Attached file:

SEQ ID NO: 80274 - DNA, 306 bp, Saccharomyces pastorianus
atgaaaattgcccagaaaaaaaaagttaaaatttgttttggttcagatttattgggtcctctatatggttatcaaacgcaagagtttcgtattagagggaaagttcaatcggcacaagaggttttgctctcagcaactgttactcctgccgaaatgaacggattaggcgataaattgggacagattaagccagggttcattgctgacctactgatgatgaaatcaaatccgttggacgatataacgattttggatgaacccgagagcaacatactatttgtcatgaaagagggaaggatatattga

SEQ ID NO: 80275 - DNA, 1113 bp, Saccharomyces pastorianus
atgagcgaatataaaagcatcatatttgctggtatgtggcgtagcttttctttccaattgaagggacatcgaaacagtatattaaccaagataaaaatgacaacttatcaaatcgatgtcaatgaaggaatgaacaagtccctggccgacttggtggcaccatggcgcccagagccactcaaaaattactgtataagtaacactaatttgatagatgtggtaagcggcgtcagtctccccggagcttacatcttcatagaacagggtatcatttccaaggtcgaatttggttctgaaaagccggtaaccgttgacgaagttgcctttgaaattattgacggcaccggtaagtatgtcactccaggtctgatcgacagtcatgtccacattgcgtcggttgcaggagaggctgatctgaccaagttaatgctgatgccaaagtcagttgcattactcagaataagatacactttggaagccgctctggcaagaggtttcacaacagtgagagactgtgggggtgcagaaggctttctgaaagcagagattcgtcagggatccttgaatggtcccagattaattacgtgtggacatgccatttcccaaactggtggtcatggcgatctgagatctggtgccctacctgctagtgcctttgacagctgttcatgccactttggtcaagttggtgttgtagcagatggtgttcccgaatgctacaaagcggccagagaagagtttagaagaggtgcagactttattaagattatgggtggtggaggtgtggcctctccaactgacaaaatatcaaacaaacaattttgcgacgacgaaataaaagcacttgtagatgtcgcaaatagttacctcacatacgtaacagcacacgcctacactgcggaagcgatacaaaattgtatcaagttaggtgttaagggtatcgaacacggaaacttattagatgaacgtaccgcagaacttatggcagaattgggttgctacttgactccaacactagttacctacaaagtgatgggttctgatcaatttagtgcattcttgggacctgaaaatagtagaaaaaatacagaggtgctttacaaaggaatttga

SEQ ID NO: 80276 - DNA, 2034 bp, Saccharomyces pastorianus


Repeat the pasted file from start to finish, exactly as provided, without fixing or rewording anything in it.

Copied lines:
SEQ ID NO: 80274 - DNA, 306 bp, Saccharomyces pastorianus
atgaaaattgcccagaaaaaaaaagttaaaatttgttttggttcagatttattgggtcctctatatggttatcaaacgcaagagtttcgtattagagggaaagttcaatcggcacaagaggttttgctctcagcaactgttactcctgccgaaatgaacggattaggcgataaattgggacagattaagccagggttcattgctgacctactgatgatgaaatcaaatccgttggacgatataacgattttggatgaacccgagagcaacatactatttgtcatgaaagagggaaggatatattga

SEQ ID NO: 80275 - DNA, 1113 bp, Saccharomyces pastorianus
atgagcgaatataaaagcatcatatttgctggtatgtggcgtagcttttctttccaattgaagggacatcgaaacagtatattaaccaagataaaaatgacaacttatcaaatcgatgtcaatgaaggaatgaacaagtccctggccgacttggtggcaccatggcgcccagagccactcaaaaattactgtataagtaacactaatttgatagatgtggtaagcggcgtcagtctccccggagcttacatcttcatagaacagggtatcatttccaaggtcgaatttggttctgaaaagccggtaaccgttgacgaagttgcctttgaaattattgacggcaccggtaagtatgtcactccaggtctgatcgacagtcatgtccacattgcgtcggttgcaggagaggctgatctgaccaagttaatgctgatgccaaagtcagttgcattactcagaataagatacactttggaagccgctctggcaagaggtttcacaacagtgagagactgtgggggtgcagaaggctttctgaaagcagagattcgtcagggatccttgaatggtcccagattaattacgtgtggacatgccatttcccaaactggtggtcatggcgatctgagatctggtgccctacctgctagtgcctttgacagctgttcatgccactttggtcaagttggtgttgtagcagatggtgttcccgaatgctacaaagcggccagagaagagtttagaagaggtgcagactttattaagattatgggtggtggaggtgtggcctctccaactgacaaaatatcaaacaaacaattttgcgacgacgaaataaaagcacttgtagatgtcgcaaatagttacctcacatacgtaacagcacacgcctacactgcggaagcgatacaaaattgtatcaagttaggtgttaagggtatcgaacacggaaacttattagatgaacgtaccgcagaacttatggcagaattgggttgctacttgactccaacactagttacctacaaagtgatgggttctgatcaatttagtgcattcttgggacctgaaaatagtagaaaaaatacagaggtgctttacaaaggaatttga

SEQ ID NO: 80276 - DNA, 2034 bp, Saccharomyces pastorianus